I am widely regarded, I know, as an evil, profligate dwarf.A very famous yet polarizing writer, director, producer, and actor whose own life story is just as fascinating (and depressing) as his films. During his childhood in Poland, his parents were sent to concentration camps by the Nazis and he became a drifter, traveling the country and staying with various families while also supporting himself by acting in local stage shows. He gained acclaim for films like Knife in the Water and Repulsion, and began a successful Hollywood career. While going far outside his usual material directing and starring in the horror parody The Fearless Vampire Killers, he fell in love with his co-star Sharon Tate and they were married soon after. Just two years later, Tate was murdered by the Charles Manson family just weeks away from the birth of their first child, while Polanski was making a film in Europe. Never a very sunny filmmaker, his movies naturally became even grimmer after this, and he even managed to make a film of Macbeth even darker than Shakespeare's original.Another turning point came in 1977. Polanski pleaded guilty to unlawful sexual intercourse with 13-year-old Samantha Geimer (nee Gailey) in his friend Jack Nicholson's house. As part of a plea bargain, Polanski pled guilty and he submitted to a stay at Chino State Prison in Los Angeles where after a 42 day period, he was released. When Polanski got news that the Judge of the case intended to over-rule the plea bargain and extend his sentence, he fled to France where he has citizenship. He also sold off his house in England and never returned there. Unable to enter any countries with an extradition agreement with America, Polanski nonetheless continued making films, which with select exceptions (The Tenant, The Pianist, Tess) did not match the critical and financial success of his early career. Contrary to popular belief, Polanski only ever made two films in Hollywood (Rosemary's Baby, Chinatown). He has made 12 films since his exile, and in 2002 Polanski won a Best Director Academy Award for The Pianist, which was received and delivered to him by Harrison Ford, star of his film Frantic. In 2005 the American arrest warrant on him became an international one, and in 2009 he was rearrested on it (while at a ceremony to accept another award) and had to finish post-production on The Ghost Writer from prison.After spending several months under house arrest in Switzerland awaiting extradition to the USA, the Swiss government announced in July 2010 that they were turning down the extradition request after apparently coming across problems with the request and considering "national interests"; he is now free once again. In 2015, a second extradition request with the government of Poland was turned down as well, which was appealed until December 2016, when Poland's Supreme Court definitively upheld the Swiss government's verdict, turning down any further attempts to extradite him.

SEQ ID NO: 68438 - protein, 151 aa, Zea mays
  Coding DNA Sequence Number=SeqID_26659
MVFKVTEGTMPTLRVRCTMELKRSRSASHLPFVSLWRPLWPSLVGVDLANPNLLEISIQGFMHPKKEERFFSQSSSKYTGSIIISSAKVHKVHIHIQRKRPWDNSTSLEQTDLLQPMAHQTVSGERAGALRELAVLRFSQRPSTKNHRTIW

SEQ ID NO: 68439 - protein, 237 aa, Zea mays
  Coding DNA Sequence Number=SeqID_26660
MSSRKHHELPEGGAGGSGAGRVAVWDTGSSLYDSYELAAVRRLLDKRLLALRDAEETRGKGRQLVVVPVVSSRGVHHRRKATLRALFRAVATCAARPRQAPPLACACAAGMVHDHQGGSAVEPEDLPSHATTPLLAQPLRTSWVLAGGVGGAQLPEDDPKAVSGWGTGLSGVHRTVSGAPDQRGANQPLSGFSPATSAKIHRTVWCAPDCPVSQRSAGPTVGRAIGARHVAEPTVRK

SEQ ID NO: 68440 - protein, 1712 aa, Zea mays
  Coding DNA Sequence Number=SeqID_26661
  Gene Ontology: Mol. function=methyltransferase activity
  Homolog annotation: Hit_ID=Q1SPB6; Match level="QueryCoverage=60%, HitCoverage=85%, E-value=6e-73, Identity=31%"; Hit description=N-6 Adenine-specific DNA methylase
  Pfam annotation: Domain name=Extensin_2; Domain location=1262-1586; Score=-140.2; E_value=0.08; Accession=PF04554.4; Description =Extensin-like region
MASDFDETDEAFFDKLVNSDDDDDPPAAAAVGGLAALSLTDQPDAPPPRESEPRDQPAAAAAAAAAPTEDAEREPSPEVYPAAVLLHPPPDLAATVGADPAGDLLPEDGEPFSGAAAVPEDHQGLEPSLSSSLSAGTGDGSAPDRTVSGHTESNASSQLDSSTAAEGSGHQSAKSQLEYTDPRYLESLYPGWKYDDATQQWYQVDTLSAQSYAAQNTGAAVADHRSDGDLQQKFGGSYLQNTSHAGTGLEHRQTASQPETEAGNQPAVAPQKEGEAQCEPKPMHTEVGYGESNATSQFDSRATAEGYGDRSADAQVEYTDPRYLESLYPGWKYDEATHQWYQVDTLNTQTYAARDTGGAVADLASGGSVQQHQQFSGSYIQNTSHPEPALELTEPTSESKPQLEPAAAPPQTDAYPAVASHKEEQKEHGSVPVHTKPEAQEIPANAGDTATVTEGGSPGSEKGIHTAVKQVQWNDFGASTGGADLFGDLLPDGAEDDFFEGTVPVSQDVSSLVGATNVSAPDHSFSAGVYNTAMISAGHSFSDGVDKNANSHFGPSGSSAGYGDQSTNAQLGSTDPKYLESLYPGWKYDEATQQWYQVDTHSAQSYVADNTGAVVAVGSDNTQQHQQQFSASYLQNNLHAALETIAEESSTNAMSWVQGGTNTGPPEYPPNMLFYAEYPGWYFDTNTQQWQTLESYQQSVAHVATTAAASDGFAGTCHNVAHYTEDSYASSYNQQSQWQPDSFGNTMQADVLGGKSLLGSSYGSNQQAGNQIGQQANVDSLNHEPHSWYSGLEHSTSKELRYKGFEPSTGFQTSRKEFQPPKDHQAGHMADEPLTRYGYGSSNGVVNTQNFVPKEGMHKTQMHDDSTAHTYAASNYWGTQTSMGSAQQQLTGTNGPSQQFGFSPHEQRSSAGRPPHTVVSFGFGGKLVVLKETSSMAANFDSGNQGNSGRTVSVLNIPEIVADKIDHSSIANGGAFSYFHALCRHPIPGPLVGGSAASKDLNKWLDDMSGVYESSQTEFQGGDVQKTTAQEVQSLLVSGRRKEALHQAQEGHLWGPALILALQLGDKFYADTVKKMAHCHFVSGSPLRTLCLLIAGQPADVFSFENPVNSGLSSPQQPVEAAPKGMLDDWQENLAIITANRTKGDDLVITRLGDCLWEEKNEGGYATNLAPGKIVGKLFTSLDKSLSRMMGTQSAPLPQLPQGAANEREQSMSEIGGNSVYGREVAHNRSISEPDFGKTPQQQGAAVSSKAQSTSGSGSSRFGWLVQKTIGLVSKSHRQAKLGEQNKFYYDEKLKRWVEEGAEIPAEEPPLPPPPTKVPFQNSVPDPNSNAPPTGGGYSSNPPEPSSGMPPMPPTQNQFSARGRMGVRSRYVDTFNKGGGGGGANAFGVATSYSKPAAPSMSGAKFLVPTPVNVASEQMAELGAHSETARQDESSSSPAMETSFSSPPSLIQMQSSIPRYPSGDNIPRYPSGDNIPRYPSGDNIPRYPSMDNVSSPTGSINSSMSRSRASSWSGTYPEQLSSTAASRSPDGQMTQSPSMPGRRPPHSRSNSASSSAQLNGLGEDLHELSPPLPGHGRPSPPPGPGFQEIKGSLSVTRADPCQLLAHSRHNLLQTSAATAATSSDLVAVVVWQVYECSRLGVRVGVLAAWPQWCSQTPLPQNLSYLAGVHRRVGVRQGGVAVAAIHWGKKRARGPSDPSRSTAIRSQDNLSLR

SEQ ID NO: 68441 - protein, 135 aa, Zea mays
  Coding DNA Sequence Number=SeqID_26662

— From his autobiography
Filmography:1957: Morderstwo (A Murderer)
1957: Uśmiech zębiczny (A Toothful Smile)
1957: Rozbijemy zabawę (Break Up The Dance)
1958: Dwaj ludzie z szafą (Two Men And A Wardrobe)
1959: Lampa (The Lamp)
1959: Gdy spadają anioły (When Angels Fall)
1961: Le Gros et le maigre (The Fat And The Lean)
1961: Ssaki (Mammals)
1962: Nóż w wodzie (Knife in the Water)
1964: Les plus belles escroqueries du monde (The Beautiful Swindlers)
1965: Repulsion (first English-language movie)
1966: Cul de Sac
1967: The Fearless Vampire Killers
1968: Rosemary's Baby
1973: What? (also known as Diary Of Forbidden Dreams)
1976: Le Locataire (The Tenant)
1979: Tess (adapted from Tess Of The Durbervilles)
1992: Bitter Moon
1994: Death and the Maiden
1999: The Ninth Gate
2002: The Pianist
2005: Oliver Twist
2007: To Each His Own Cinema
2010: The Ghost Writer
2013: Venus In Fur
Roman Polanski's films contain examples of:
- Black Comedy: What?, The Fearless Vampire Killers, Carnage and even Rosemary's Baby are filled with jet black humor.
- Downer Ending: This tendency became even more pronounced after Sharon Tate's murder, with Chinatown as one of the most famous examples.
- Humans Are Bastards: The basic sense one gets from his movies.
- Rape as Drama: This crops up in a number of films, Rosemary's Baby, Chinatown, Tess, Death and the Maiden. Make of that what you will.
- Signature Style: Strongly averted. While some of his movies do share similarities in terms of themes or shooting style (The Tenant and Rosemary's Baby being some of the prime examples), you'd probably be hard-pressed to find anything that the highly symbolic, slow-paced Knife in the Water, intense if accessible neo-noir Chinatown and the light-hearted adventure-filled Pirates would have that would point to Polanski being at the helm of all three.